Different functions of eggs

Eggs are extremely useful and versatile.  They can be cooked and served with or without garnishes as dishes in their own right, or they can be used in combination with other ingredients.  The properties of eggs allow them to thicken, bind, glaze, aerate, emulsify, clarify and enrich.  

Binding - The stickiness of the egg helps to attach crumbs or items to food and binds the ingredients together as in a meatloaf or when used in batters.

Thickening - Eggs can thicken twice its own weight, such as in custards or quiche.

Glazing - The egg yolk is used in sauces before browning the dish under the salamander, such as Oysters Mornay or for covering pastry with egg wash before baking, to achieve a golden color in the finished product such as puff pastry fleurons.

Emulsifying - Emulsion sauces use the egg yolk to emulsify the added fat/oil.  This helps to encapsulate the fat globules and prevents the sauce from splitting, mayonnaise is an example of this process.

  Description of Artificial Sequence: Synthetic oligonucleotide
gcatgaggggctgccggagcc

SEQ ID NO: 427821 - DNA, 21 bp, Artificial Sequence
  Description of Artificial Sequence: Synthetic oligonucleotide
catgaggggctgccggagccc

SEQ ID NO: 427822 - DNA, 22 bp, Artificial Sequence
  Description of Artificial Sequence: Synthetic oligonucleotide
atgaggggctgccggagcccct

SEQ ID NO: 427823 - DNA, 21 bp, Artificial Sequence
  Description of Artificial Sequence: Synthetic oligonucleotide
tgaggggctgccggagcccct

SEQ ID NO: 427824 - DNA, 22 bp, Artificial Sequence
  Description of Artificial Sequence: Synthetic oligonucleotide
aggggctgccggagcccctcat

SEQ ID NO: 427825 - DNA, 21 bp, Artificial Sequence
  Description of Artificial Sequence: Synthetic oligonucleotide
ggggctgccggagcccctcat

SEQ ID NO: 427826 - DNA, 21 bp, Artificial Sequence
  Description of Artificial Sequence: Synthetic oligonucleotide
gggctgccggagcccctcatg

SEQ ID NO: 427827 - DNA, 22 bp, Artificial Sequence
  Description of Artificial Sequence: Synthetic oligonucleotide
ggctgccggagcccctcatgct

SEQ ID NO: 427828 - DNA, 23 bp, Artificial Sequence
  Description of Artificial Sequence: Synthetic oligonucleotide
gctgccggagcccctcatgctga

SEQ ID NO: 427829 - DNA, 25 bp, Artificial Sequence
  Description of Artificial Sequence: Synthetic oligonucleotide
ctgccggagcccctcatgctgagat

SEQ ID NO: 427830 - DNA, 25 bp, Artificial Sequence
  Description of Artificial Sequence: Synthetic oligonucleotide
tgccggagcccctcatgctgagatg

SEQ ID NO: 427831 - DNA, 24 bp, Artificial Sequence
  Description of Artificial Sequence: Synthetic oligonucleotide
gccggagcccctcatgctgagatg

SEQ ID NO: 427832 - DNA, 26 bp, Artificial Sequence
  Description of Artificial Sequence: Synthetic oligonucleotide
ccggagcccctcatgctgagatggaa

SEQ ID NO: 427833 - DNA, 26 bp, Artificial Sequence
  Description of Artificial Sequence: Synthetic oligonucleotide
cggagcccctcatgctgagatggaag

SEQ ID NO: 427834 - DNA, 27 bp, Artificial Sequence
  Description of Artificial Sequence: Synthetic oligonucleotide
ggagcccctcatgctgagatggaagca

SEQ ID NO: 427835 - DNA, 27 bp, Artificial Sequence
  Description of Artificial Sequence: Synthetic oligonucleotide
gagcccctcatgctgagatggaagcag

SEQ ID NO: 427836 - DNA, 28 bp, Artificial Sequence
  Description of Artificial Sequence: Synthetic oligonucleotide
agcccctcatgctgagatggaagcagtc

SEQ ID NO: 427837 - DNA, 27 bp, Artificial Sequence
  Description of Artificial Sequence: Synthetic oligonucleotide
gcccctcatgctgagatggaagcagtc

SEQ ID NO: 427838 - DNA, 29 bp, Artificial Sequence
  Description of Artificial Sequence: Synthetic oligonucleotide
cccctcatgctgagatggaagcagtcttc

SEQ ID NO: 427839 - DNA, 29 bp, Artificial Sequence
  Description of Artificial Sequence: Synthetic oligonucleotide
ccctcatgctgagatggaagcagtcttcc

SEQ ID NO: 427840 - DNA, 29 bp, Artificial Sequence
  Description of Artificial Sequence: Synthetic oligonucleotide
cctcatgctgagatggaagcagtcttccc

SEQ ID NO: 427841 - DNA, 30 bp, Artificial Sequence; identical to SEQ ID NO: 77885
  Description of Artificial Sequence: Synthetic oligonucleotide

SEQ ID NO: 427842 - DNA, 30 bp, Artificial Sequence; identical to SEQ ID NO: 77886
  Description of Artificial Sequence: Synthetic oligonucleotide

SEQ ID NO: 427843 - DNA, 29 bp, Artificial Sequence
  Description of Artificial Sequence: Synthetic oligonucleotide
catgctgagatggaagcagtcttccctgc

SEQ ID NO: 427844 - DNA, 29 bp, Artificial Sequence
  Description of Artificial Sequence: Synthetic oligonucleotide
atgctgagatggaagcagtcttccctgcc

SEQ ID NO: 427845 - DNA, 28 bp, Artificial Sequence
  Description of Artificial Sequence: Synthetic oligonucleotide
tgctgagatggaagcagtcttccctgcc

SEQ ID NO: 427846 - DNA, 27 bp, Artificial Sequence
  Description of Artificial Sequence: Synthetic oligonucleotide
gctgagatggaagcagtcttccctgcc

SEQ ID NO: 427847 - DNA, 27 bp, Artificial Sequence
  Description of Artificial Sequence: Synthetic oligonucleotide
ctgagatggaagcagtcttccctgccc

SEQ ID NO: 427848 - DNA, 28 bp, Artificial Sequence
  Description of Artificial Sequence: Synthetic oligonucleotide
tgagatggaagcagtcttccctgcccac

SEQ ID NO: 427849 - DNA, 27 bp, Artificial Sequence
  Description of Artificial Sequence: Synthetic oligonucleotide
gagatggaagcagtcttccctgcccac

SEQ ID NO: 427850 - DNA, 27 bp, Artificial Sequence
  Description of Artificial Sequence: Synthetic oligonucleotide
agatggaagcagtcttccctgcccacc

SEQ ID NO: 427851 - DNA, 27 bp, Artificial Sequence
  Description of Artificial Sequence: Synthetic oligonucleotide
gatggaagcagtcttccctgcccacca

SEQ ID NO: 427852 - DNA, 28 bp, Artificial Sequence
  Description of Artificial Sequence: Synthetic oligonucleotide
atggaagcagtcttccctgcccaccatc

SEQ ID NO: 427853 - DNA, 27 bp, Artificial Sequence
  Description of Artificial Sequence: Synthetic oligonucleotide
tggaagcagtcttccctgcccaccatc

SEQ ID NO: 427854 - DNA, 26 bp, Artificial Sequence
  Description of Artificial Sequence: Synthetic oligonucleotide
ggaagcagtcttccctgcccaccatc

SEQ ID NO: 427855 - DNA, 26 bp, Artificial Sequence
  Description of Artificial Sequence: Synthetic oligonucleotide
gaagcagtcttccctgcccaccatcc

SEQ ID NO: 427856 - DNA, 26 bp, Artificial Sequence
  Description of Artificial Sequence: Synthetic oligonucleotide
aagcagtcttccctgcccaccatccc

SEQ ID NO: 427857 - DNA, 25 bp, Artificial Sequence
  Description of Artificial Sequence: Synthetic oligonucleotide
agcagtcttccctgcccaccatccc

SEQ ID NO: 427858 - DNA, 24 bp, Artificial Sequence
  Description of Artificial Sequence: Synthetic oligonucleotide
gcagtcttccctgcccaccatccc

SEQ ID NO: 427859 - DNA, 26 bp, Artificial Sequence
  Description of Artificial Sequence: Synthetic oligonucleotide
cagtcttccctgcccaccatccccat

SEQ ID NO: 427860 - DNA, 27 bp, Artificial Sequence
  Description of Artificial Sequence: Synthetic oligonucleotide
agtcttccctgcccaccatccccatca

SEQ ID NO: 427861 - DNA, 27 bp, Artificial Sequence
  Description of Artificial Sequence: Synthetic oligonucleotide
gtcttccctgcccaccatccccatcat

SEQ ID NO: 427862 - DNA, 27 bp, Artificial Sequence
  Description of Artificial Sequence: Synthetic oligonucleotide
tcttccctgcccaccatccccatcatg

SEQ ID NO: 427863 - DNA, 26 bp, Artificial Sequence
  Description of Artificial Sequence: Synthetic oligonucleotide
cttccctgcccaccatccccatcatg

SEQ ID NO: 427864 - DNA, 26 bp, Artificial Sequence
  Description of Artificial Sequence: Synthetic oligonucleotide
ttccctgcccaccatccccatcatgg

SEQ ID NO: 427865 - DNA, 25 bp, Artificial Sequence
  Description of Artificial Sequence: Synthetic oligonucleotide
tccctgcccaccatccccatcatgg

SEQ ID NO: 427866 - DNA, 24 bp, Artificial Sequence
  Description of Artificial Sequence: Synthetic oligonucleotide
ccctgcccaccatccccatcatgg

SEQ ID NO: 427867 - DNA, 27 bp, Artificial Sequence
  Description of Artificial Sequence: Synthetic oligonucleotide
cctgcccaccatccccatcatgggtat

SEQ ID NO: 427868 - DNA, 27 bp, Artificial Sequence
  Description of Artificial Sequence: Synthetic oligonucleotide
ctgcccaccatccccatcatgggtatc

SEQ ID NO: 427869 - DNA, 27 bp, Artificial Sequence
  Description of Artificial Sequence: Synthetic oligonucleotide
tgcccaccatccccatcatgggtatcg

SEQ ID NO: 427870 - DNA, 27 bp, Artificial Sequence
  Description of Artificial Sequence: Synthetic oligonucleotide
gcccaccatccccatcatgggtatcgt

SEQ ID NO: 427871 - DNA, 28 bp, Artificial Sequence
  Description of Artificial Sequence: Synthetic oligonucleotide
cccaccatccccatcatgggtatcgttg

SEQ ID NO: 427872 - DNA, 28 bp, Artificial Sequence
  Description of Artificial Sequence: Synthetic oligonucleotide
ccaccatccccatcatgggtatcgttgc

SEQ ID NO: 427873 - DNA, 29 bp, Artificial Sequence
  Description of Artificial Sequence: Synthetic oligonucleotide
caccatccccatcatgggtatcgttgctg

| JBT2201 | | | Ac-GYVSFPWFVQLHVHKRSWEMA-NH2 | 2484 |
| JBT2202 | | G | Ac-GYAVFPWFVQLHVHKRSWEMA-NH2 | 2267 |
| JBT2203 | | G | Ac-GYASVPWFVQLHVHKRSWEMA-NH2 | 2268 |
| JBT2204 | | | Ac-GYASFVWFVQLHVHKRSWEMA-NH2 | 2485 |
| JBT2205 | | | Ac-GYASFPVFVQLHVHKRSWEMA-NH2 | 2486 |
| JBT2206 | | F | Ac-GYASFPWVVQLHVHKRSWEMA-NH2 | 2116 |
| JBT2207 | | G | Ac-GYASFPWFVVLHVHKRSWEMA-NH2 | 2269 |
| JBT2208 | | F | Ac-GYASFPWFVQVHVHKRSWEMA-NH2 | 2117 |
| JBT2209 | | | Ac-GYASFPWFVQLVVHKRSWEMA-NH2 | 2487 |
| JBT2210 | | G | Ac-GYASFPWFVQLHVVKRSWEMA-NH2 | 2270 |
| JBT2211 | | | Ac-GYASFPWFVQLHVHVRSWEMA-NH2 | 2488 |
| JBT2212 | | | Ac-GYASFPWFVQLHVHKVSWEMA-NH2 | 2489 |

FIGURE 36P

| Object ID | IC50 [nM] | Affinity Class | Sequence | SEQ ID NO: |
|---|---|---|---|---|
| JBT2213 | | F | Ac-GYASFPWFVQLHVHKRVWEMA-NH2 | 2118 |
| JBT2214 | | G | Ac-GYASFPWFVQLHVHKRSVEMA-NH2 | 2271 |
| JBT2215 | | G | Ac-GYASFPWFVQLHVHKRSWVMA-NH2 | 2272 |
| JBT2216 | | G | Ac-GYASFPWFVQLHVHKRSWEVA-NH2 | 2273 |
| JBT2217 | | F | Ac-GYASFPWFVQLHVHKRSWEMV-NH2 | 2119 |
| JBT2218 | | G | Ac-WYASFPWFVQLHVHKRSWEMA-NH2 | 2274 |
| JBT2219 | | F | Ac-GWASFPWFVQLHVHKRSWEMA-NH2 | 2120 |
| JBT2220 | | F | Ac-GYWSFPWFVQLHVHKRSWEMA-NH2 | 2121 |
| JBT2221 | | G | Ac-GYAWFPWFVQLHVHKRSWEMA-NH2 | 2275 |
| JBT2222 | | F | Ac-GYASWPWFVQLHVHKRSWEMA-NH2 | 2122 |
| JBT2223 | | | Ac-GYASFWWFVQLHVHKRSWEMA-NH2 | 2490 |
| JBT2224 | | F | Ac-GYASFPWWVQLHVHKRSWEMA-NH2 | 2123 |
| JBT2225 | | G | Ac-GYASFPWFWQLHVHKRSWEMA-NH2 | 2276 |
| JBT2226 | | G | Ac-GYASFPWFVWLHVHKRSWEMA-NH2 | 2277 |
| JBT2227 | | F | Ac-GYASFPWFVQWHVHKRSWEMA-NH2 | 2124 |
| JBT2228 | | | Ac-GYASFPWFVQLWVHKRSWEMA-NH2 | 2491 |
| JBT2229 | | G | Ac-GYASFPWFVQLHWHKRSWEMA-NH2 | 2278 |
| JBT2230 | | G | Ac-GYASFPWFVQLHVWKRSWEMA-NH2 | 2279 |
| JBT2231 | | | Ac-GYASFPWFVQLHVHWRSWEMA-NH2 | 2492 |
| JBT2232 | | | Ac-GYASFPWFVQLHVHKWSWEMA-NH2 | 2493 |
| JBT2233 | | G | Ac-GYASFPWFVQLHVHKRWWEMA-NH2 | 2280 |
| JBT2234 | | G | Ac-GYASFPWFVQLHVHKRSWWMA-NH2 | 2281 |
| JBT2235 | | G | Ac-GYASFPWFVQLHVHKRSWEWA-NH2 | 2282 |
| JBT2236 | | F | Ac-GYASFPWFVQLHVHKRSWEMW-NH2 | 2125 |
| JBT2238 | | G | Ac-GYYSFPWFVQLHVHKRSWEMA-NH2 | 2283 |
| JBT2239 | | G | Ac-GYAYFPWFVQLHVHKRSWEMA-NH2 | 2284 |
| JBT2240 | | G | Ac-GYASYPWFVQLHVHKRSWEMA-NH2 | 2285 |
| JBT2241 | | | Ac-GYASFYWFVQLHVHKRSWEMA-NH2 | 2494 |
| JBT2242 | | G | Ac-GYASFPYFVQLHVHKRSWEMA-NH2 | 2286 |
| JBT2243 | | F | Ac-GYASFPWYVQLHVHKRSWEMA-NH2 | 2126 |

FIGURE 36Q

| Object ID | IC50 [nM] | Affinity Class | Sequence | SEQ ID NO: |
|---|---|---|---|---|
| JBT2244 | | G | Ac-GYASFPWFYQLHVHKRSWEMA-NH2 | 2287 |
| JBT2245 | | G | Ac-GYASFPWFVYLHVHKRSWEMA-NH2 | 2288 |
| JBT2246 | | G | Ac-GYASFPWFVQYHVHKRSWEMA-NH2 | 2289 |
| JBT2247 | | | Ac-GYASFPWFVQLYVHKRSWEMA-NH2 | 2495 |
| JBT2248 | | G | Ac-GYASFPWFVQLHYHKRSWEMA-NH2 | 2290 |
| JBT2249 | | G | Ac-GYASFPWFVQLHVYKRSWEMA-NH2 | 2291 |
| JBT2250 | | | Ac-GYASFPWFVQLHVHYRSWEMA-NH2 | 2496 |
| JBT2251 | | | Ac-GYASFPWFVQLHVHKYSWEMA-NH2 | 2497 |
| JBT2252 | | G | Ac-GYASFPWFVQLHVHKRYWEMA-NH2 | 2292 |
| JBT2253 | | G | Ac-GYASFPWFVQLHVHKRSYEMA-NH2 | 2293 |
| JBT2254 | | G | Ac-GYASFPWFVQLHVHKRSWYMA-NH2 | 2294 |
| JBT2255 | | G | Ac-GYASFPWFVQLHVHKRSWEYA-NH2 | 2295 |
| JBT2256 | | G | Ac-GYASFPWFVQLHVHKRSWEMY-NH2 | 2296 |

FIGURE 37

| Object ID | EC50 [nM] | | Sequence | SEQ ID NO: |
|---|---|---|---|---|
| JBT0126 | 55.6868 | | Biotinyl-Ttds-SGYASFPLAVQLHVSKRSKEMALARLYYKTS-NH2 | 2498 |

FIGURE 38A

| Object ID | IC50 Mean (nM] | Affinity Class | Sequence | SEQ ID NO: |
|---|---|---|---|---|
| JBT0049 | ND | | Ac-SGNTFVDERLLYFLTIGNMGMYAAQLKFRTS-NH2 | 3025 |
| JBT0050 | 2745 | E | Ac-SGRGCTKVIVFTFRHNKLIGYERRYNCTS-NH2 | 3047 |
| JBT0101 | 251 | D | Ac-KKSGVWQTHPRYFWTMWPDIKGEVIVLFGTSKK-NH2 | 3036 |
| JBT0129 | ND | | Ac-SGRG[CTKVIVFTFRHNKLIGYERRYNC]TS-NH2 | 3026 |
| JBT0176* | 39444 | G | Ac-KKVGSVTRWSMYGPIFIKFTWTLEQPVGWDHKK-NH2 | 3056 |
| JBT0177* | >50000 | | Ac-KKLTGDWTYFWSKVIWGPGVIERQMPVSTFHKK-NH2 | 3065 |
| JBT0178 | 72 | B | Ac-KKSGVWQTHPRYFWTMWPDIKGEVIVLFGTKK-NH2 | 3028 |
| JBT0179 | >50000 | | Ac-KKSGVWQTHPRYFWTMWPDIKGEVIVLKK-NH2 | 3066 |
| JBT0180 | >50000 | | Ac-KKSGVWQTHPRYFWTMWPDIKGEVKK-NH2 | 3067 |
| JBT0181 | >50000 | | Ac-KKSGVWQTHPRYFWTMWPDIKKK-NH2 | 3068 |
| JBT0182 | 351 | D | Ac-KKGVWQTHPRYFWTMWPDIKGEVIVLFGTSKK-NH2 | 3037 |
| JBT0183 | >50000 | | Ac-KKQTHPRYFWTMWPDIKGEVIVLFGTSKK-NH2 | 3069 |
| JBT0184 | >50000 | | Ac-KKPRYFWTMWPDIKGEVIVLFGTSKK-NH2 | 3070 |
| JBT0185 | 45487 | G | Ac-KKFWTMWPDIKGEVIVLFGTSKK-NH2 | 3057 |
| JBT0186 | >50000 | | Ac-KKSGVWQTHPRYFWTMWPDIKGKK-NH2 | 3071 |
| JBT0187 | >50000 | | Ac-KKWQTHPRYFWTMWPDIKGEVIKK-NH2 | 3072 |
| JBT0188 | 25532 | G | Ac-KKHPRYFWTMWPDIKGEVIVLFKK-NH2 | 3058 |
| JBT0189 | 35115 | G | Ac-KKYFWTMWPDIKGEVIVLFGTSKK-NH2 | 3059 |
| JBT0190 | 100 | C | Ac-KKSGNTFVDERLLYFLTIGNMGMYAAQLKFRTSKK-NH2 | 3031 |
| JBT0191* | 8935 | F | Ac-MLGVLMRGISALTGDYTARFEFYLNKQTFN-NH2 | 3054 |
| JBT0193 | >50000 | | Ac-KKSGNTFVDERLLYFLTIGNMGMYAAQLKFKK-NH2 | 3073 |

Enriching - Egg provides extra flavors and body in sauces and sweets.  Liason is used to provide the final “lift” and smoothness in a sauce.  The Anglaise used for ice cream provides that lingering taste and mouth feel.

Aerating - Egg will hold the air in small bubbles to lighten mixtures by encapsulating air bubbles.  This can be observed in meringue or Pavlova, sponge or soufflĂ© to name but a few sweets.  Mousses and farces based on vegetables or meat also require aerating.

Clarifying  - Egg white will hold impurities and bring them to the top of a simmering liquid.  This ability is used when clarifying soups and sauces.



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